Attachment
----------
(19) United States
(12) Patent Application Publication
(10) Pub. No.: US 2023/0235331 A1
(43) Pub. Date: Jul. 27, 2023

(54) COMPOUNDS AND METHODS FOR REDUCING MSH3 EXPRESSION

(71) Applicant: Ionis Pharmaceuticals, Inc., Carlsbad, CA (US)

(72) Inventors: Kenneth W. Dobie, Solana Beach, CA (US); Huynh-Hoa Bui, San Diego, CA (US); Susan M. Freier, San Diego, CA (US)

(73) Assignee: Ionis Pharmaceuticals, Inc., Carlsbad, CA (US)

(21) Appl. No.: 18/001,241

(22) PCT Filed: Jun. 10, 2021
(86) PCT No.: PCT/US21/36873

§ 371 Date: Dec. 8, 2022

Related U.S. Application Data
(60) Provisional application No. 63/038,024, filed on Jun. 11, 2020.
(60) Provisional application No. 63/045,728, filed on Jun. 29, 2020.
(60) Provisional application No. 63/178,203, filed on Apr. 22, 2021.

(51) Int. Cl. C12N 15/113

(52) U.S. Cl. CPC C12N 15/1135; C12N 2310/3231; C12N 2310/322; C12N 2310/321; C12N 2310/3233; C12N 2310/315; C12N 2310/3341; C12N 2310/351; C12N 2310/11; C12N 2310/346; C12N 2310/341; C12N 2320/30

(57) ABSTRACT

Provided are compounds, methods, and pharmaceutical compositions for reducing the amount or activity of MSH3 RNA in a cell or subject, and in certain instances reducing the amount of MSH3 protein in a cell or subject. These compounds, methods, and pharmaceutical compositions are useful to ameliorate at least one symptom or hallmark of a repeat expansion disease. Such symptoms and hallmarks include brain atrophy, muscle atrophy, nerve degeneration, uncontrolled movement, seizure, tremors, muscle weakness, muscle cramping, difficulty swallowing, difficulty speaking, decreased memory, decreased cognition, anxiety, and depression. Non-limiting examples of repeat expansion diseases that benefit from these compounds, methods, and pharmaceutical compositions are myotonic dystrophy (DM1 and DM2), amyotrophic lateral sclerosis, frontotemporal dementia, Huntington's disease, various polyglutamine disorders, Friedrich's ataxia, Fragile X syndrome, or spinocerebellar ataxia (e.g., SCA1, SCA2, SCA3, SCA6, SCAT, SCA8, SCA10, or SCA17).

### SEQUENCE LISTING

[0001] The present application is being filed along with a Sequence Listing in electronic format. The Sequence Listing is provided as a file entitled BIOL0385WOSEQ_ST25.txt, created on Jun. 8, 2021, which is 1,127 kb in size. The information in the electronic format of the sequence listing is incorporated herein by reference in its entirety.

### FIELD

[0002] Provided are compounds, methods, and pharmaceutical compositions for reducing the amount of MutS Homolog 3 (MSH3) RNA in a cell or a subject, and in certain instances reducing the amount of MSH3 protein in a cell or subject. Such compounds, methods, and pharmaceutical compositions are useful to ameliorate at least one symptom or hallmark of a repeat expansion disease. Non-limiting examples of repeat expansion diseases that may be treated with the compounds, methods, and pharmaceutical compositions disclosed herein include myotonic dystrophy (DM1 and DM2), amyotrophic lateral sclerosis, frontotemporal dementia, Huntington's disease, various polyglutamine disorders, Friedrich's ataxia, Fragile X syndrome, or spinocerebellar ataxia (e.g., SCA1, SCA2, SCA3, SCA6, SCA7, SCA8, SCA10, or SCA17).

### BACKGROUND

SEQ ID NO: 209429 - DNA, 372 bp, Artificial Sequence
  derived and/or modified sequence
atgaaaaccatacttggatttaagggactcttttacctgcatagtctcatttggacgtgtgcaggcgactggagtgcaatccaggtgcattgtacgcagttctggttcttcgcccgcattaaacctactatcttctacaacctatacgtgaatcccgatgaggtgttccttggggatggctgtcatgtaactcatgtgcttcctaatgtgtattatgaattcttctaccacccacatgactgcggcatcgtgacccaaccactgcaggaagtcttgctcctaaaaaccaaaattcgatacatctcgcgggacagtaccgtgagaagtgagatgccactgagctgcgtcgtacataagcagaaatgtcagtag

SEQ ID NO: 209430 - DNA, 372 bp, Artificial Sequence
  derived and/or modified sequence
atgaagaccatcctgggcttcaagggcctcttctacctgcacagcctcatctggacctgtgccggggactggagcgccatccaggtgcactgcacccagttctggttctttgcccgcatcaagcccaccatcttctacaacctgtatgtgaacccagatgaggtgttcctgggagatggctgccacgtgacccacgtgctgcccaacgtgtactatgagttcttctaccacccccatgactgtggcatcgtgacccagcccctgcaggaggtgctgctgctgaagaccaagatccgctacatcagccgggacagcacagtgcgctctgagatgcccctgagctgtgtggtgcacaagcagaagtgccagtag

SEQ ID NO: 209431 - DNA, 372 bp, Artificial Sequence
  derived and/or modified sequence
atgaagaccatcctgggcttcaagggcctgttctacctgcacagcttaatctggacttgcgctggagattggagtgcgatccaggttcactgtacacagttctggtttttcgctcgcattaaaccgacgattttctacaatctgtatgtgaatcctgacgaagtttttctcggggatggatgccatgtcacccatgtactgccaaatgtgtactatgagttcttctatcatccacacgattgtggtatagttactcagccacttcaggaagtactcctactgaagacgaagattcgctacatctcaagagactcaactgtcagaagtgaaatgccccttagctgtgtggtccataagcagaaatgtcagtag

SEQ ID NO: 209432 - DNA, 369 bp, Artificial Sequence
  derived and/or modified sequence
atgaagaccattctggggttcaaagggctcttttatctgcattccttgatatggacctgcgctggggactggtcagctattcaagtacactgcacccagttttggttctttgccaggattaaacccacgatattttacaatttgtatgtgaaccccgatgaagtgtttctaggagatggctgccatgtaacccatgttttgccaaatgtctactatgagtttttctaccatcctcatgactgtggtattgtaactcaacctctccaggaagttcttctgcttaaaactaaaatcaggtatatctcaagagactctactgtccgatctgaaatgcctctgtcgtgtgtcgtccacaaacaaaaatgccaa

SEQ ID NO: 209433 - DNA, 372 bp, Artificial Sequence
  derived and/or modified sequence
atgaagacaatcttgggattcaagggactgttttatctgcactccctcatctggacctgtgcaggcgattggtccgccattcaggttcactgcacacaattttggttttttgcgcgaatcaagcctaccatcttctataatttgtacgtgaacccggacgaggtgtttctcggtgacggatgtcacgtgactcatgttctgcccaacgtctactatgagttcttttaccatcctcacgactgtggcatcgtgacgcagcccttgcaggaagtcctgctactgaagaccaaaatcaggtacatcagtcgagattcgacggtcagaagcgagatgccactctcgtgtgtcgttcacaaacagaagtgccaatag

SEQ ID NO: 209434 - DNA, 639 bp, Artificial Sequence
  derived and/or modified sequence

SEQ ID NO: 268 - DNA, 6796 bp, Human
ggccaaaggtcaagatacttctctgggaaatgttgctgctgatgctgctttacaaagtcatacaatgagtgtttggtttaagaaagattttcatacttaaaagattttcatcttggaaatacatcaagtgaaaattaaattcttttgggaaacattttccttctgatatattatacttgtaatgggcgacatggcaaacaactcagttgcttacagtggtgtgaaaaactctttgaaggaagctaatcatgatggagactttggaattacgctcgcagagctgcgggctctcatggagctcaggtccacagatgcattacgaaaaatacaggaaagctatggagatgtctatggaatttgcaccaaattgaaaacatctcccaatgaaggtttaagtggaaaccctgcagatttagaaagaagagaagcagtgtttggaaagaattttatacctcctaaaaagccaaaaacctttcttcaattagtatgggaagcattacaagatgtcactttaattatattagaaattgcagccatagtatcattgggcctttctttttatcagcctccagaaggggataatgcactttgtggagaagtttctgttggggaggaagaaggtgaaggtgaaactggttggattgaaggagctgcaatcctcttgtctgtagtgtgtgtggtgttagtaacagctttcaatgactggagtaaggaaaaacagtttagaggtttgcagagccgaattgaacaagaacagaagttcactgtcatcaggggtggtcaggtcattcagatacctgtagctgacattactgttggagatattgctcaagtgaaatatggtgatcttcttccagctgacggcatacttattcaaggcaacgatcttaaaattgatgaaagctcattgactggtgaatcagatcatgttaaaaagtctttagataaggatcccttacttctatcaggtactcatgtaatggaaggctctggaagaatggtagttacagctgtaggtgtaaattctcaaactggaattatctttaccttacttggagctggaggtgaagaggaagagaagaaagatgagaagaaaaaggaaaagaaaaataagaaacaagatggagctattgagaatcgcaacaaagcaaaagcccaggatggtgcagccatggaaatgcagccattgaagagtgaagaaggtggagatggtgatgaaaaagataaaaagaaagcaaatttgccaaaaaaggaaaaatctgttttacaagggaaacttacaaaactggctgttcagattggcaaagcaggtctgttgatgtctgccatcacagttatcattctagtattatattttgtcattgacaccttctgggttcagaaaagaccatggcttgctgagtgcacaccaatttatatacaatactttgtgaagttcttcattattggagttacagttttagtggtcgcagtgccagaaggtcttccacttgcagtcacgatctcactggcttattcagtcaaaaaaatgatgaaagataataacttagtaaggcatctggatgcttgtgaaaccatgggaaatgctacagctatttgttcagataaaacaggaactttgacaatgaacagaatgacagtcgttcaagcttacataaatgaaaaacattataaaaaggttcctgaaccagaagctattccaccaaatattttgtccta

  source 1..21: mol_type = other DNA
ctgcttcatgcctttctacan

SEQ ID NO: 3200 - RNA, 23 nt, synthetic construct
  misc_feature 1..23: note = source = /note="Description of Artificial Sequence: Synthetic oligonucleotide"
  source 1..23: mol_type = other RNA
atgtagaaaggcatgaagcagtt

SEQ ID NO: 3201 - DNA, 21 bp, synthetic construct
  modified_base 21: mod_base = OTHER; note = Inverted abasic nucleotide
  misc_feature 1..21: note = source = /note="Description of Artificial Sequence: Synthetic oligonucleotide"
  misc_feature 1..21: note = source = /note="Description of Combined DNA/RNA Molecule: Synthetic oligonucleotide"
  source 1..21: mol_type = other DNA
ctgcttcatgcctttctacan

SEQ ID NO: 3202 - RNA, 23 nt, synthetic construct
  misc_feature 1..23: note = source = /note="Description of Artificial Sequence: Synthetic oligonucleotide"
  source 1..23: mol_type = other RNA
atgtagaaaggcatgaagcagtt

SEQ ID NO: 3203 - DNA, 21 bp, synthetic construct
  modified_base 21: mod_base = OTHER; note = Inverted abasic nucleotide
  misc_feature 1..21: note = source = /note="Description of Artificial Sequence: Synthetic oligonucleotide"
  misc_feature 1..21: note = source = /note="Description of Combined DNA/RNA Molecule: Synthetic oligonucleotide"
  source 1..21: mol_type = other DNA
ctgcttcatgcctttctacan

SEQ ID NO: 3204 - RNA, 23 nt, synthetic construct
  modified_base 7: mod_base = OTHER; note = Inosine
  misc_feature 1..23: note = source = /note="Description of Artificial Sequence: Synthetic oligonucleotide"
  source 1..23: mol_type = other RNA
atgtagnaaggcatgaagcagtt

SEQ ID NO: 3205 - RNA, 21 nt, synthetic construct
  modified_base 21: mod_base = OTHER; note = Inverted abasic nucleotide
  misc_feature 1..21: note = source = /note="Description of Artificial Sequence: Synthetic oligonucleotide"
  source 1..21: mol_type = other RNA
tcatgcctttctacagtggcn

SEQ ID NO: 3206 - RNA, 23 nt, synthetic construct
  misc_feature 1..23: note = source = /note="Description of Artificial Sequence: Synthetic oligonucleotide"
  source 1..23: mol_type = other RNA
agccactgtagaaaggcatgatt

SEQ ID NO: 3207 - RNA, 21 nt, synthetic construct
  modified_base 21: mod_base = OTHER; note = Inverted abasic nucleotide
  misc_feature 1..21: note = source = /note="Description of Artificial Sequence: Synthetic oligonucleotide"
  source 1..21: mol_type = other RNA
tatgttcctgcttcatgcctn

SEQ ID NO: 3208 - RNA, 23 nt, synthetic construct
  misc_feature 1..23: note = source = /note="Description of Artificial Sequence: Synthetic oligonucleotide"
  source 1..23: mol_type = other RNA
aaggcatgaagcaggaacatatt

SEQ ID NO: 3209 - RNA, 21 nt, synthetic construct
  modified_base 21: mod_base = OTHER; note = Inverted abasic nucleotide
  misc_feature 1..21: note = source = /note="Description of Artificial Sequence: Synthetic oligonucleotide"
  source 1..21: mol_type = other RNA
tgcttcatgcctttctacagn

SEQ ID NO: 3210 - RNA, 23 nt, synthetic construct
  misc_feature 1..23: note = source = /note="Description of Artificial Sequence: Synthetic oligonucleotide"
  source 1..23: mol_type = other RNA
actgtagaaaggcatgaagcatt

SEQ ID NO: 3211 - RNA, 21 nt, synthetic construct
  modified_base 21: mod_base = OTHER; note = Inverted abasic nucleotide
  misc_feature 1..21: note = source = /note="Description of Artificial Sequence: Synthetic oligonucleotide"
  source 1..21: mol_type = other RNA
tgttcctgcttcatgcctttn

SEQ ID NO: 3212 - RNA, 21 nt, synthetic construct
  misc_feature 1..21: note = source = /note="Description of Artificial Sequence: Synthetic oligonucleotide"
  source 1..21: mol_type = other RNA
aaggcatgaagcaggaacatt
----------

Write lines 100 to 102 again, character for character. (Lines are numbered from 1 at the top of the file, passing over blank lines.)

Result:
  modified_base 21: mod_base = OTHER; note = Inverted abasic nucleotide
  misc_feature 1..21: note = source = /note="Description of Artificial Sequence: Synthetic oligonucleotide"
  source 1..21: mol_type = other RNA